The purpose of this project trip was to do a site assessment for African Bible University for their future expansion plans. A good site assessment involves a lot of measuring, conferring with staff on their vision, and engineers peering into holes. At the end of our time, the hope is to have a solid scope of data in place that will allow the next team to move forward with a master plan for building.
That's what the math experts did. The two of us who focus on imagery (Audio-Visual Communications Engineering) also spent a lot of time conferring with staff and students, but for different reasons. Joel and I were collecting footage and interviews in order to produce a video that would aid ABU in attracting more students. We heard a lot of stories of what compelled current students to get an education here. We asked questions such as, "What have you seen in Uganda that you want to change?" And, "How has your time here equipped you to go back and make a positive impact in your community?" Their answers, as well as what we witnessed in classrooms and around campus, was insightful and encouraging.
Over and over we heard students tell of the deep need for well-grounded study of the Bible, for pastors and leaders whose zeal could be backed up with serious knowledge. They spoke of a desire to be positive influencers in secondary education, communications, and business. With the training they receive, graduates are well-equipped to do just that.
In addition to interviews, Joel and I were in the classrooms filming lectures. I kept walking in with my goal being to just get some good B-roll of faculty and students together in a clear classroom setting and I was not concerned so much with recording the audio of the teaching content. In each room I entered I found myself wanting to stick around and learn too. No matter what subject was being taught, the teachers were all beginning from the Word of God and building on that world view. I kept thinking, "If any of my own children wanted to come here for college I would be fully supportive."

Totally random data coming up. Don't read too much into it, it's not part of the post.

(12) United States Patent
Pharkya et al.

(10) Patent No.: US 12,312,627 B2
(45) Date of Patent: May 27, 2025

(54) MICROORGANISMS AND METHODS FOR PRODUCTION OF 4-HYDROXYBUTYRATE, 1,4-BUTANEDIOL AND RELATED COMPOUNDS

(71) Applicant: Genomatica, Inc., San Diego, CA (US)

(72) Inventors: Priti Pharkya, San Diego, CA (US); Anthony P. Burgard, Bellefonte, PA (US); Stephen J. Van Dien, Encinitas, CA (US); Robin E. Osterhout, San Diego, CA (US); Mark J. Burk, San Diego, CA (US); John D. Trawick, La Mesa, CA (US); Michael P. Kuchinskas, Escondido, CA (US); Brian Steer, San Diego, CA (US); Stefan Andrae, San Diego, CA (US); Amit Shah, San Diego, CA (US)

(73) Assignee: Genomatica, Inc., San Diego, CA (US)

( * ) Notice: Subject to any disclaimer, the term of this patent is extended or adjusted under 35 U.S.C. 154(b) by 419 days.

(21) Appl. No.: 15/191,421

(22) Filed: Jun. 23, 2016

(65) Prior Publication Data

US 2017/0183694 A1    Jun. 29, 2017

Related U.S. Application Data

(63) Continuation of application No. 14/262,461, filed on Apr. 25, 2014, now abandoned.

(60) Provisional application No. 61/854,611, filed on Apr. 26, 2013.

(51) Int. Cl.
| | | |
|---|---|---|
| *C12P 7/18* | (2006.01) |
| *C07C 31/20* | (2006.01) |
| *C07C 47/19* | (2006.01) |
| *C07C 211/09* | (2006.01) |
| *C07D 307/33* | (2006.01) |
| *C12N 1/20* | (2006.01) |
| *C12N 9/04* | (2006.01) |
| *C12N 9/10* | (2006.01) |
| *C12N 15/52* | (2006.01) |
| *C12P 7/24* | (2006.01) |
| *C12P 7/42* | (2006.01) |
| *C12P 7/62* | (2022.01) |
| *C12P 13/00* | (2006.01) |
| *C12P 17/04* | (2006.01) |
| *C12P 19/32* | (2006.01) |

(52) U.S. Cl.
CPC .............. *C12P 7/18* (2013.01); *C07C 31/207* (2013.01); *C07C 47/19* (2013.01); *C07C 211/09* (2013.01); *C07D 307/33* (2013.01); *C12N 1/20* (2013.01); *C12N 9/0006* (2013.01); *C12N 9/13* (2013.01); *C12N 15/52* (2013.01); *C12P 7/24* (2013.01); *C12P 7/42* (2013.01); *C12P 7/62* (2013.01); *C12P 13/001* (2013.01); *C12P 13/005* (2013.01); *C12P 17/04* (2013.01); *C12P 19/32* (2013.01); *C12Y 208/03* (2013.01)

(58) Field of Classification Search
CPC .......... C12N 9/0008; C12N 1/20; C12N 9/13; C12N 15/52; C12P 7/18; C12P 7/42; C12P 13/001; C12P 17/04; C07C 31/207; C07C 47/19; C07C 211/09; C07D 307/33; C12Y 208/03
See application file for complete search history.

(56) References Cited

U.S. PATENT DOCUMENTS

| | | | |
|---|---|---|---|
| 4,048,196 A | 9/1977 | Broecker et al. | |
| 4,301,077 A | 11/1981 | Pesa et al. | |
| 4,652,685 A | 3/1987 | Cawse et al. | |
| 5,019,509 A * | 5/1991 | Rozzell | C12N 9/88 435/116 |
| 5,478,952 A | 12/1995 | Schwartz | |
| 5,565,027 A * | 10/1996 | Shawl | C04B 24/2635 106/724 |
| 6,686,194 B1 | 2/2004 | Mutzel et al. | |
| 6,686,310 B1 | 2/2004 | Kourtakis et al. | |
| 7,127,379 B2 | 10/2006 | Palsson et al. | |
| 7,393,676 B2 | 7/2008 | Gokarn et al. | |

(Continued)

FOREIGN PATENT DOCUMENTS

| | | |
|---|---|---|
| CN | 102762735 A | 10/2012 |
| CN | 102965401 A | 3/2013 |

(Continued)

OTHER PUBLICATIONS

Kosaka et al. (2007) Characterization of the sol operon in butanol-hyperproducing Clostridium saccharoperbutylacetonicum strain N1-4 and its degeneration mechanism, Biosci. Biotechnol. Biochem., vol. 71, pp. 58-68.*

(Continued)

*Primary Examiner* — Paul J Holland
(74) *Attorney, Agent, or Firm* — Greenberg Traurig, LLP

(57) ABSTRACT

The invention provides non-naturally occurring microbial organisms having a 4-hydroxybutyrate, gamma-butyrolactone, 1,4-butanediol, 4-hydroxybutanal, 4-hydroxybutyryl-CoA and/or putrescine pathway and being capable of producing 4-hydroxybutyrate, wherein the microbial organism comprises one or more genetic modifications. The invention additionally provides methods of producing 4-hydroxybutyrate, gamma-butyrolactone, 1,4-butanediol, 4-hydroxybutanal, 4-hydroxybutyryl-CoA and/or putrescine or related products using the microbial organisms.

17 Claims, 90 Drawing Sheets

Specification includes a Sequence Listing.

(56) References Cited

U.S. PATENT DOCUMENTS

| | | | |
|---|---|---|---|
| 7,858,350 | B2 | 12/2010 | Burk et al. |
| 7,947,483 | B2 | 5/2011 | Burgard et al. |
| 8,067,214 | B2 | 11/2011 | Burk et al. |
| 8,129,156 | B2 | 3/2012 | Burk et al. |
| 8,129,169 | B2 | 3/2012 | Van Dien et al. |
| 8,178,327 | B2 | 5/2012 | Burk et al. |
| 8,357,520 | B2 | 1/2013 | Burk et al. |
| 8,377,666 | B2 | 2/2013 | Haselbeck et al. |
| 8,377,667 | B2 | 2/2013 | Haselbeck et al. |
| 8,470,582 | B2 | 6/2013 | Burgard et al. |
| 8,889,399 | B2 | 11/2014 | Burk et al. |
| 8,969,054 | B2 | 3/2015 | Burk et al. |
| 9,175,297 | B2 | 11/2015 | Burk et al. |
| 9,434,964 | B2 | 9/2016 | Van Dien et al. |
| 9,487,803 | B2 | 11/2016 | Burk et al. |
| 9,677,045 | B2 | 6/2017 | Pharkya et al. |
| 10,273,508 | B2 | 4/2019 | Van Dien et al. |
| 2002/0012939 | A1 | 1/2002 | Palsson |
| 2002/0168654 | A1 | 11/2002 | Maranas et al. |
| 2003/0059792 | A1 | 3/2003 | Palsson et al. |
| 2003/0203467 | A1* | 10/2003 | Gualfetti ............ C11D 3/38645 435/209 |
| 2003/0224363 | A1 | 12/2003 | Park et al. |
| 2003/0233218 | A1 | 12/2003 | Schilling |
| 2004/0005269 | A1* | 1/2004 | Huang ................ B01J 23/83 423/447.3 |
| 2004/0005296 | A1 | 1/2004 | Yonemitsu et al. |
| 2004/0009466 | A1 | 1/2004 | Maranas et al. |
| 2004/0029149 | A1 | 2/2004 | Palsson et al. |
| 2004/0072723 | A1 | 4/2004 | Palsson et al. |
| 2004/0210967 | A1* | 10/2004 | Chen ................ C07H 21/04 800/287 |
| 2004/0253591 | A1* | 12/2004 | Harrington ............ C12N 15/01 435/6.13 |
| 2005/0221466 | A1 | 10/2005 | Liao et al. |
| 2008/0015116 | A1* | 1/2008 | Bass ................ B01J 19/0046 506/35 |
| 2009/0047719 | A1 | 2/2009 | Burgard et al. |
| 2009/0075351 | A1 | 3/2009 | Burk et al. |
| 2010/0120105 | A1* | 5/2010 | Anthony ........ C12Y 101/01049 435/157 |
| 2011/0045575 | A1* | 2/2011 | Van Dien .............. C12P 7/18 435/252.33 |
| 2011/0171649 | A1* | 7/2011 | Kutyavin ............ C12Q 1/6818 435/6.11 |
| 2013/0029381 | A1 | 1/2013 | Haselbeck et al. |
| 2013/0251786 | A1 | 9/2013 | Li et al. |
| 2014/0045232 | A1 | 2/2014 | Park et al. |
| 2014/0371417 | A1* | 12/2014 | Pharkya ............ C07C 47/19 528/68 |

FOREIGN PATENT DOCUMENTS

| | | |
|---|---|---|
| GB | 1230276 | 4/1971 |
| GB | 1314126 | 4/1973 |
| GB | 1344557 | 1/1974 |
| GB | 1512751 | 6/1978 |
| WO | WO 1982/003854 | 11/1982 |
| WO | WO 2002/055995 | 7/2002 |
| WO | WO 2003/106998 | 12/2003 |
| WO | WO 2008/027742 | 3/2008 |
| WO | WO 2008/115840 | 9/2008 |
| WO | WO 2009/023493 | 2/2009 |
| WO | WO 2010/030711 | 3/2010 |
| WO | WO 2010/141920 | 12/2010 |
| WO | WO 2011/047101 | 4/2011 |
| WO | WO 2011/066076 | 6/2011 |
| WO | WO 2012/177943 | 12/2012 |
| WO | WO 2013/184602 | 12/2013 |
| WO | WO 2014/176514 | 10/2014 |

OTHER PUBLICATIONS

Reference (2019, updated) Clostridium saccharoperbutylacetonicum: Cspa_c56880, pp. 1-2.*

While the cost of their education is minimal by US standards, it is a huge stretch for most Ugandans and no student is taking their four years at ABU for granted. Each one told us of very specific hopes and dreams for the future. They all know what they want to do and in not one single case did we hear a student tell of selfish ambition. It was always about giving back to others and serving God.
ABU's Uganda campus has been under capacity for several years and they desire to change that. It was the job of our architects and engineers to get a good handle on what the existing property capacity is and how best to utilize that space for maximum potential. That's where the "peering into holes" part came in. Our civil team looked into almost every septic tank, drain hole, water tank, and soak pit on the site. I watched one of our interns bravely poke his head and hands far into a black concrete pit lined with cobwebs, roaches, and scurrying beetles that conjured up a scene from an Indiana Jones movie. They also had to dig holes, which is no small feat in Uganda. The soil is solidly packed and a simple perc test hole usually took a few hours of effort to dig. I should also mention Uganda is on the equator. So it was hot. Very, very hot. No one had the extra energy to throw stuff at me when I tried to get photos of them sweating and breaking shovels.
We took most of our meals in the dining hall with students and most of the time we had one or two join us at our table, affording us yet another opportunity to get to know them. At other times we were treated to dinner or lunch with staff at their residences (on campus). Perhaps the most striking observation I had was how much the faculty genuinely care for the students and how everyone strives to make the campus a true supportive community. The four years of study is about more than gaining knowledge and a marketable skill - it's about discipleship and fellowship.
From the Keiters:
Here is where we share our daily experiences of how God is using our life in the US and abroad with eMi to draw us closer and to make Himself known.